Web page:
Anyone who was punished at school knows the experience can be hard to forget.
There was the angry look on the teacher's face and the laughter of friends as you were written up for bad behavior.
The long, slow walk to the principal's office seemed to take forever.
The sting of having to face your parents after getting in trouble at school hurt worse than the principal's paddle.
This is the reason why corporal punishment in the Selma City School System is being enforced less often. Just the threat of a spanking is enough to improve a student's behavior.
"I keep a paddle in my desk called Mr. Oak," said Don Speed, drama teacher at the School of Discovery. "All I have to do is pull Mr. Oak out of my desk, and the kids behave."
Once Speed learned the techniques of positive reinforcement, however, Mr. Oak has come out of hiding less often. After praising and encouraging students with good behavior, the rest of the class tended to follow the lead.
"I have been using positive reinforcement all year, and so far it's been pretty successful," Speed said. "I've had very little problems from my students."
Speed, like many teachers, tries to exhaust a wide variety of efforts before sending a problem child to the principal's office.
"I believe corporal punishment is an effective tool, but it's not the only tool," Speed said.
When a student misbehaves in class, the teacher first tries talking to the student directly. If this fails, a conference is called between the parents and teacher.
Finally, if the student continues to act out, the punishment is typically detention or suspension. "Corporal punishment is only used as a last resort," said Authur Capers, principal of Payne Elementary School. "We use it very rarely and only with parent consent."
Capers said the typical behavior he usually deals with is "fighting, sassiness, making hand gestures, and constant classroom disruptions."
While some parents and educators may disapprove of corporal punishment, it is protected by state law.
According to section 16-28A-1 in the Code of Alabama, teachers are given the authority to use corporal punishment if it is allowed by the local board of education.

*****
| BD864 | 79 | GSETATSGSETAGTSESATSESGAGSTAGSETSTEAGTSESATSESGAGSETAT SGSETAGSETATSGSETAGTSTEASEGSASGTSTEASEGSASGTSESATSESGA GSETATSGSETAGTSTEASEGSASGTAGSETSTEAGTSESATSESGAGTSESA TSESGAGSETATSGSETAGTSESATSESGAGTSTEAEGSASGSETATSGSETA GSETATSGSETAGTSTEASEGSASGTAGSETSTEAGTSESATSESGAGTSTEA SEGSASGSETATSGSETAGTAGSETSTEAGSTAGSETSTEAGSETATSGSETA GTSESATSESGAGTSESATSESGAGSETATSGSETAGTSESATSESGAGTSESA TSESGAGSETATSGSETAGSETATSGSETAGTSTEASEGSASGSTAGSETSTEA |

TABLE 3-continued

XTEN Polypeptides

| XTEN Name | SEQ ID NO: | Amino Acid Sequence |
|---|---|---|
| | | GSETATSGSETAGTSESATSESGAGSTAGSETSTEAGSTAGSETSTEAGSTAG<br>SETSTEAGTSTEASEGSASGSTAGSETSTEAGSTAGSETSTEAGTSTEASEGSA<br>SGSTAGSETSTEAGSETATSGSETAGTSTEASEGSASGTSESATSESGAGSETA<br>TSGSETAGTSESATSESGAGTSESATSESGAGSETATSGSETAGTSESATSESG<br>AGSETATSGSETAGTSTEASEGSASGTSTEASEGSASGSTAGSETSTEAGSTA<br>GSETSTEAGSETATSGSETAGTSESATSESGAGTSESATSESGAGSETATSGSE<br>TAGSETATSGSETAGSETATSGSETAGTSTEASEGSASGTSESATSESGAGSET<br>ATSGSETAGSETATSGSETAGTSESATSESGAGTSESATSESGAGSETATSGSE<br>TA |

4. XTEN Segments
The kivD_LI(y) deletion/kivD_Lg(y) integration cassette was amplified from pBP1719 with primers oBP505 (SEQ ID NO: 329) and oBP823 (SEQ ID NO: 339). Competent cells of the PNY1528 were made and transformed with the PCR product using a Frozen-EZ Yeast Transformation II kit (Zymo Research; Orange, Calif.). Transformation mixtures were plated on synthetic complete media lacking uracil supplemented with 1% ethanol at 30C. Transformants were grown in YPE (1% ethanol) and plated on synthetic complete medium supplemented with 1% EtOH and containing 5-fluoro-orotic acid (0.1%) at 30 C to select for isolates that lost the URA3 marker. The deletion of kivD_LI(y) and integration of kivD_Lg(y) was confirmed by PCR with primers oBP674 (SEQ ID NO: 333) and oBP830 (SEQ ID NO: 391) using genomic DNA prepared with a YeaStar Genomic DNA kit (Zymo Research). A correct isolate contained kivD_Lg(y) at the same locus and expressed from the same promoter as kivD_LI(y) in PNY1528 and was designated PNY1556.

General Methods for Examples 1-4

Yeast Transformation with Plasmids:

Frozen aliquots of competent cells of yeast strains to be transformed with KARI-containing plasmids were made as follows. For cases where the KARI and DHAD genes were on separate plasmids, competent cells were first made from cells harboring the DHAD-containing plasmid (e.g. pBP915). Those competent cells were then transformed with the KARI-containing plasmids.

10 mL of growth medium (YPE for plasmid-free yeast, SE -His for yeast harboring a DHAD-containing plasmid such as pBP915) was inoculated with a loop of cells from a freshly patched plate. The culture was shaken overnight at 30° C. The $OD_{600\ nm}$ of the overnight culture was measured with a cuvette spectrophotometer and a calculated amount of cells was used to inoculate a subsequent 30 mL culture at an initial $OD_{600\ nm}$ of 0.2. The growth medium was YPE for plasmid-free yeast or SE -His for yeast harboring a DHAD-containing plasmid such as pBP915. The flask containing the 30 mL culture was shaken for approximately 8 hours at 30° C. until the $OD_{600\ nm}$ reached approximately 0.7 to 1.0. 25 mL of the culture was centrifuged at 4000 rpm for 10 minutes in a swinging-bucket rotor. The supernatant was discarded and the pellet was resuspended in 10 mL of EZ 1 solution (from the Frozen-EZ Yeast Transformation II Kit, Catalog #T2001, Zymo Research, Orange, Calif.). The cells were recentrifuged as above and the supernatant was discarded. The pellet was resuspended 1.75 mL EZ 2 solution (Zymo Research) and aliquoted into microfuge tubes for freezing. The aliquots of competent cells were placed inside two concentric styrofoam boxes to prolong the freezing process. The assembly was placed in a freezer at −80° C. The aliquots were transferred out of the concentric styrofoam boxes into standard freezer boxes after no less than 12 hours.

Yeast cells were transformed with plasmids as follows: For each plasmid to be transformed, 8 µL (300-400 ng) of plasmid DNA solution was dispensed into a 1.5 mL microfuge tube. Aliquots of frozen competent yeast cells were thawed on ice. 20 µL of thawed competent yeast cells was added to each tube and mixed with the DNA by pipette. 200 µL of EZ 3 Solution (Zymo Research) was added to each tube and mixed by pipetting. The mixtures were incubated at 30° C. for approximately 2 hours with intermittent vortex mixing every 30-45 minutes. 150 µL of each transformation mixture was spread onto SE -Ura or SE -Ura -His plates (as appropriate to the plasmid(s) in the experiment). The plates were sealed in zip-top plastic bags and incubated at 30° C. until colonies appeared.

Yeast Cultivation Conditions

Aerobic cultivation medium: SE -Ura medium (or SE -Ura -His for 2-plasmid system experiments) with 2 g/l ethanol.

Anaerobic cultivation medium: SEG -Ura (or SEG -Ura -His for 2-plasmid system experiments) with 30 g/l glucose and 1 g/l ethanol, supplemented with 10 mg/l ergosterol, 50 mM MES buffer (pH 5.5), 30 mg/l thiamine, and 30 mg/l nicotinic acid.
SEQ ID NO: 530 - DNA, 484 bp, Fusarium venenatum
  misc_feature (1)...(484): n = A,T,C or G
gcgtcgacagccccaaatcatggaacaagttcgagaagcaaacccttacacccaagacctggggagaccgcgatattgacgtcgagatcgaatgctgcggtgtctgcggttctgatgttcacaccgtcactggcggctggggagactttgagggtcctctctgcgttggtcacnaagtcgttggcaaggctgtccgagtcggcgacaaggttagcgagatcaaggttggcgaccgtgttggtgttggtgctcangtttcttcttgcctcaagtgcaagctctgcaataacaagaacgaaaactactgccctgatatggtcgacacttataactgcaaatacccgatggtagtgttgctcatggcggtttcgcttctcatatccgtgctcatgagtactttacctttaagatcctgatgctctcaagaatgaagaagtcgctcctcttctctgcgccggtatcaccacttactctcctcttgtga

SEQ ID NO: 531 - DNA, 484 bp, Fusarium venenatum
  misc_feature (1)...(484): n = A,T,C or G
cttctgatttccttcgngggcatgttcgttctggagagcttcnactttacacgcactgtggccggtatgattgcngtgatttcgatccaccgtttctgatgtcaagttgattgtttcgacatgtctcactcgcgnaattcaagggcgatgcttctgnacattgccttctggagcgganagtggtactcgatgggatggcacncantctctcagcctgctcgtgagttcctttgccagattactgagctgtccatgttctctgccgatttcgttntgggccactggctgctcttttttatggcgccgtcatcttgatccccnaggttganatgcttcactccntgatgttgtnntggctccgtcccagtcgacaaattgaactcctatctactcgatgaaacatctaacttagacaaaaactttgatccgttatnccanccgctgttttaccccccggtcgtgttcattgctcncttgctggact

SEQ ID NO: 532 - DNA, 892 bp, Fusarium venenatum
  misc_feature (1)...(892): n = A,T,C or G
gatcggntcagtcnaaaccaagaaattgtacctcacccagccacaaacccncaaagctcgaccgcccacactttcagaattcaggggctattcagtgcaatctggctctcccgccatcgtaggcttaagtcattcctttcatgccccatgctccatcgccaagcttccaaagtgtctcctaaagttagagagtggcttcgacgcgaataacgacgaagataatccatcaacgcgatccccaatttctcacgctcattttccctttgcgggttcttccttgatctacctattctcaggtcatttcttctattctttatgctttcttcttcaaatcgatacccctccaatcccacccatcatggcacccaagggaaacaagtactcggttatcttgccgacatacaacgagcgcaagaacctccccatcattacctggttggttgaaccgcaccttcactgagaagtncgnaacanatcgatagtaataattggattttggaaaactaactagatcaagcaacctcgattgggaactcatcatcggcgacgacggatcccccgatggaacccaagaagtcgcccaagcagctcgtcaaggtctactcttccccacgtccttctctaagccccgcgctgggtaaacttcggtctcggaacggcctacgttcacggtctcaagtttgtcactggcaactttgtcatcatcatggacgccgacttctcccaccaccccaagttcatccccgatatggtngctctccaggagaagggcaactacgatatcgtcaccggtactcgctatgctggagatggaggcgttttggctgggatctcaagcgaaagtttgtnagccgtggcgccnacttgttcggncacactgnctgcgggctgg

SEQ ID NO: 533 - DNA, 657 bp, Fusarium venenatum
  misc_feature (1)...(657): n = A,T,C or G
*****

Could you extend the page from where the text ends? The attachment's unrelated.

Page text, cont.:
The Code states, "so long as teachers follow approved policy in the exercise of their responsibility to maintain discipline in their classroom, such teacher shall be immune from civil or criminal liability."
Both the Selma and Dallas County school systems allow "reasonable corporal punishment of pupils" in their policy manuals.
The school boards can also provide legal representation for teachers and principals if they are ever charged with assault.
"It is allowable and we use it whenever necessary," said Charlotte Griffin, principal of Selma Middle CHAT Academy.
Despite the legal immunity, certain procedures must be followed before spanking a student.
Corporal punishment can only be administered by a principal or a designated representative in the presence of another school system employee. The punishment must be properly documented and parents should be notified.
Lynn Henderson, public relations and attendance supervisor for the city schools, said even though spanking a student is used sparingly, it seems to work when utilized.
Parents also seem to be satisfied with the city school system's policy on discipline.
"So far, I have not had any problem with my child's school," said Debra Towns, a PTO president. "No one has ever come to me with complaints."
Many educators have said the responsibility of teaching a child proper discipline should come from parents, not the school.
"If kids learn to behave at home, they will behave in public," Speed said.
Lately, it seems the city school system's corporal punishment policy has the same job as Mr. Oak. It's only supposed to scare students, not actually be used.
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